A partially-blind teenager from Long Island started a kind-hearted campaign to help wounded veterans and others who are suffering from a similar condition.  Matthew Redlein, 13, of St. James in Suffolk County, started a campaign to raise money to sponsor service dogs for needy veterans or the blind. It costs about $6,000 to acquire and train each dog. "If you see someone who's struggling, you know you want to help in any way you can," said Redlien. A hereditary eye disease has left Redlein blind in one eye and an older brother completely blind. "I think anyone can really understand how these dogs can make a difference. You don't have to have something like this, what I have, disability-wise," Redlein said. Much of the fundraising has been among the student body at Nesaquake Middle School in St. James. He's been selling rubber bracelets and lollipops to help bring in donations. Money was also raised by bringing in a little show-and-tell with the service dogs courtesy of America's Vet Dogs and the Guide Dog Foundation, which helped show Redlein's classmates just how their money would be spent.   Click Here to read full story Credit Sandra Bookman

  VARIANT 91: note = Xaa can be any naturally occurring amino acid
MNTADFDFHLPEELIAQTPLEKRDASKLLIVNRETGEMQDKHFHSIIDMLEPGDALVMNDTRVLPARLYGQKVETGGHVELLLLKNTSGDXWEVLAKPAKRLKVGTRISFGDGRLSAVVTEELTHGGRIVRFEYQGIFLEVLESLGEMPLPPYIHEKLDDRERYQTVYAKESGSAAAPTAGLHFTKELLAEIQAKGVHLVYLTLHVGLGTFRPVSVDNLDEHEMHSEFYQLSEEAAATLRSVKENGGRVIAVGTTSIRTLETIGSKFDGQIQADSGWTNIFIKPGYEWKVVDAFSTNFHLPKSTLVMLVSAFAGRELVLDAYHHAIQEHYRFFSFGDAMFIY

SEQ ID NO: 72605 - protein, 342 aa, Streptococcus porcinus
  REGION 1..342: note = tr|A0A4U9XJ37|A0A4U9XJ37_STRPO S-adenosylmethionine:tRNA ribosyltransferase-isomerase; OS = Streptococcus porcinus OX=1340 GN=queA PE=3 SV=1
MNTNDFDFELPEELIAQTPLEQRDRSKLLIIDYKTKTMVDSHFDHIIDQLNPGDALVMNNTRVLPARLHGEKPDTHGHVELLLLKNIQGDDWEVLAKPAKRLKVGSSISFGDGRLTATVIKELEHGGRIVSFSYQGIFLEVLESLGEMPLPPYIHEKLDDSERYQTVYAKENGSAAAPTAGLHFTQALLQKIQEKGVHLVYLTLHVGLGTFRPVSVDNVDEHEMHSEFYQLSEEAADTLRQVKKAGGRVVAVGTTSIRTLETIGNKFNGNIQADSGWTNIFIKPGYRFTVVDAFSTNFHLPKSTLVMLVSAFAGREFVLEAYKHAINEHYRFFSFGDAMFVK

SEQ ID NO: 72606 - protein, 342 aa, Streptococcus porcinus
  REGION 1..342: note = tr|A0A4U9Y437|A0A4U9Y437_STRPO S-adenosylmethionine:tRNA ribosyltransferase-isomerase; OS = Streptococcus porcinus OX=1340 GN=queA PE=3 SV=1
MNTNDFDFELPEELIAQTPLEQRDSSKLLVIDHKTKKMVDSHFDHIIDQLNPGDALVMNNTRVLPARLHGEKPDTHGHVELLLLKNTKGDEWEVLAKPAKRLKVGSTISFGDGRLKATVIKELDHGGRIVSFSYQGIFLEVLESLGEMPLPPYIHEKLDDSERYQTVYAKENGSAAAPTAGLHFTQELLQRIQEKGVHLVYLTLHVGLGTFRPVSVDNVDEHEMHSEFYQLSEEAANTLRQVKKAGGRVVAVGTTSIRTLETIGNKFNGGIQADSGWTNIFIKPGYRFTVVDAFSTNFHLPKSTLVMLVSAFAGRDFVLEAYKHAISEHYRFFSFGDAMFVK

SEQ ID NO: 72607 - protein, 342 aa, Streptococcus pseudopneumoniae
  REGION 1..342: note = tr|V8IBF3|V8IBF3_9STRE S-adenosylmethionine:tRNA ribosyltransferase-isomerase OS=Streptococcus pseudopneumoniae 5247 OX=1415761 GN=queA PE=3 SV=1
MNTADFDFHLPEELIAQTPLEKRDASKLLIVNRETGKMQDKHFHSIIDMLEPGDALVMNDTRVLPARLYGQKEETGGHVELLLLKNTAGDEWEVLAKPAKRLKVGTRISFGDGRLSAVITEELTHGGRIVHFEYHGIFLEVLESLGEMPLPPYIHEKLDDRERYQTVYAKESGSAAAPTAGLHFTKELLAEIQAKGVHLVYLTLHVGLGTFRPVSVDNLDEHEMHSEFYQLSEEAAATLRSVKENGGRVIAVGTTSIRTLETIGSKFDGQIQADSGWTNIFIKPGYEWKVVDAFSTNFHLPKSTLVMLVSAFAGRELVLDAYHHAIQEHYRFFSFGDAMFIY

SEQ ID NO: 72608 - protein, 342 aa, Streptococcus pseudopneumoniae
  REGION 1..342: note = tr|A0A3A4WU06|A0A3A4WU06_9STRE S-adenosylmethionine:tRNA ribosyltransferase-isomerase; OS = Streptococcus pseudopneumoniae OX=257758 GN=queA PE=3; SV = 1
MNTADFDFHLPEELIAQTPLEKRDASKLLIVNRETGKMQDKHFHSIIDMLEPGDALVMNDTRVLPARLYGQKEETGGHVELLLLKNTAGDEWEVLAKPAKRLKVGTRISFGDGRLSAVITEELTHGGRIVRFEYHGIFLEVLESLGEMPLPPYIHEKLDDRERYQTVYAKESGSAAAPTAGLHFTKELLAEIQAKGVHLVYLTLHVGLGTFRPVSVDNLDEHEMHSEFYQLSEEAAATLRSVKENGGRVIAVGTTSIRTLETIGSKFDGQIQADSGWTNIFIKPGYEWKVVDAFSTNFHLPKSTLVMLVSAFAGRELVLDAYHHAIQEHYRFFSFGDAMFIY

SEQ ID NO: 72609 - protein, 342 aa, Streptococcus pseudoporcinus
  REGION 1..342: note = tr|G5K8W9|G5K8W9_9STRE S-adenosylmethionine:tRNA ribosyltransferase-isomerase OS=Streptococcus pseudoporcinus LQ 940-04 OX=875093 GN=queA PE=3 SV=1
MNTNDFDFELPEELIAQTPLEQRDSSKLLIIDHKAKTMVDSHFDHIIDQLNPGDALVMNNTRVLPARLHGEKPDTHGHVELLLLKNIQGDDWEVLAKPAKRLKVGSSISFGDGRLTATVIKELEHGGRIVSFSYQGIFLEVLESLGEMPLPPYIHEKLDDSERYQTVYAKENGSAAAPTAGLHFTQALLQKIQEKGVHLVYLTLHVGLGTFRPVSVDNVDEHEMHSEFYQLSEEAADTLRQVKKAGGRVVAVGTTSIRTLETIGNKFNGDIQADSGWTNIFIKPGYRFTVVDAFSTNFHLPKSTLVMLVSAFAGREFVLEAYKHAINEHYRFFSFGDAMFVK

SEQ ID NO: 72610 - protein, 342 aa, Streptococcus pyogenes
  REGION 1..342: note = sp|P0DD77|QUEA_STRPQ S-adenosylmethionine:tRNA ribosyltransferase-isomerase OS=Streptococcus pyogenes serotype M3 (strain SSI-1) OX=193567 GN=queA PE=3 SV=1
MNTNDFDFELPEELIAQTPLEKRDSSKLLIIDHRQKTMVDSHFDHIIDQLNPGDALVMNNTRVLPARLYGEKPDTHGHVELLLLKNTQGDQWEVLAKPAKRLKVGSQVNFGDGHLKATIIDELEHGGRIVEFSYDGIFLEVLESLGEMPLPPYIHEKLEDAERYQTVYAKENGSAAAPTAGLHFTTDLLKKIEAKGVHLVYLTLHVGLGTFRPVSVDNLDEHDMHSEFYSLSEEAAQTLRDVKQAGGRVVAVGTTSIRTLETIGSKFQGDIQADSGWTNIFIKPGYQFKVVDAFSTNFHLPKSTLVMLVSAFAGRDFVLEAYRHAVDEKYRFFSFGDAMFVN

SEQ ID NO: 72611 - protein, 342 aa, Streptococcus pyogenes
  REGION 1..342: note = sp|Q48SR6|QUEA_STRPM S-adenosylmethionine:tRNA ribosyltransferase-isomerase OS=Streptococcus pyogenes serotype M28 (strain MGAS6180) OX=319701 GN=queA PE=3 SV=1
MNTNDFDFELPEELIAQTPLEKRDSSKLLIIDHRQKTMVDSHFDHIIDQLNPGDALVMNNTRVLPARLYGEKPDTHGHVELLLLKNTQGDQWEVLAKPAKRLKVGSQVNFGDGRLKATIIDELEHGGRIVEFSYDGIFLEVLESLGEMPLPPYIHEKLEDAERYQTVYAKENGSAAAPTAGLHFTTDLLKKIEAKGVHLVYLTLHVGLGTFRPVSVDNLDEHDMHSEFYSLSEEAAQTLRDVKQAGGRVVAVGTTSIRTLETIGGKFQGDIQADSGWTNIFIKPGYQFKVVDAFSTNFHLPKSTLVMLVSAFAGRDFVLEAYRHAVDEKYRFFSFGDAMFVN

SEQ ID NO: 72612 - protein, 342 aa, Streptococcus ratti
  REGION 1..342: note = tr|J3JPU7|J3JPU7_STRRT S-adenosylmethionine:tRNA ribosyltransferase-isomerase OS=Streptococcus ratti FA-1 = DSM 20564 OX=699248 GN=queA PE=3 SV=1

OLYMPIA – Washington state is urging businesses to say “yes” to the state’s veterans when filling open positions. The YesVets pilot project will start in Klickitat, Kittitas, Skamania, and Yakima counties this month—and employers across the state may be able to participate by early summer. Employers who hire a veteran will be recognized with a YesVets window decal they can display at their business to demonstrate support for America’s service members. They will be recognized each year with annual decals that can be displayed next to the YesVets decal. Employers who wish to participate in the pilot project should visit http://www.yesvets.org to sign up. Background Rep. Gina McCabe, R-Goldendale, developed the idea after she met with veterans early in the 2015 legislative session. “I was surprised to learn these veterans were having difficulty finding jobs to support their families after leaving military service,” said McCabe, who owns several small businesses herself. “Serving in the military provides our veterans with a strong work ethic, a diverse skillset and the ability to work well in teams.” McCabe sponsored House Bill 2040 to encourage businesses to hire veterans and to improve the veteran employment rate overall. The bill passed both legislative chambers and was signed into law by Governor Jay Inslee in late April. YesVets initiative  Inslee’s Employment Security Department, Department of Veterans Affairs and Department of Commerce worked together to turn McCabe’s vision into a pilot project—and they hope to expand statewide in June. “Hiring a veteran is good for our state’s businesses and good for our country,” said Inslee, who has made improving veteran employment rates a primary goal for his administration. “We hope YesVets will increase the number of veterans who find great jobs, and also encourage returning veterans to consider starting their own veteran-owned business,” said Alfie Alvarado, director of the state’s Department of Veteran Affairs. “We have skilled local veterans employment representatives in every community, helping our state’s veterans find great jobs every day,” said Dale Peinecke, Commissioner of the state’s Employment Security Department, a partner in the WorkSource system. “Veterans who come into our WorkSource offices work with staff who are also veterans and who understand the skills and abilities they bring to the workforce.” "Commerce is committed to the success of our state’s economy, and that includes ensuring we have the talented workforce to meet industry’s needs, today and into the future,” said Brian Bonlender, Director of the state Department of Commerce. “We know that hiring veterans is a great way to tap an already skilled talent pool and to retain a diverse labor force in our state.  That’s why we are proud to partner with ESD and WDVA on this effort.” Contacts:   Janelle Guthrie, ESD Communications Director, (360) 902-9289                  Heidi Audette, WDVA Communications Director, (360) 725-2154                  Barbara Dunn, Commerce Communications Director, (360) 725-2805                                                                        ###   To read more on this information Click Here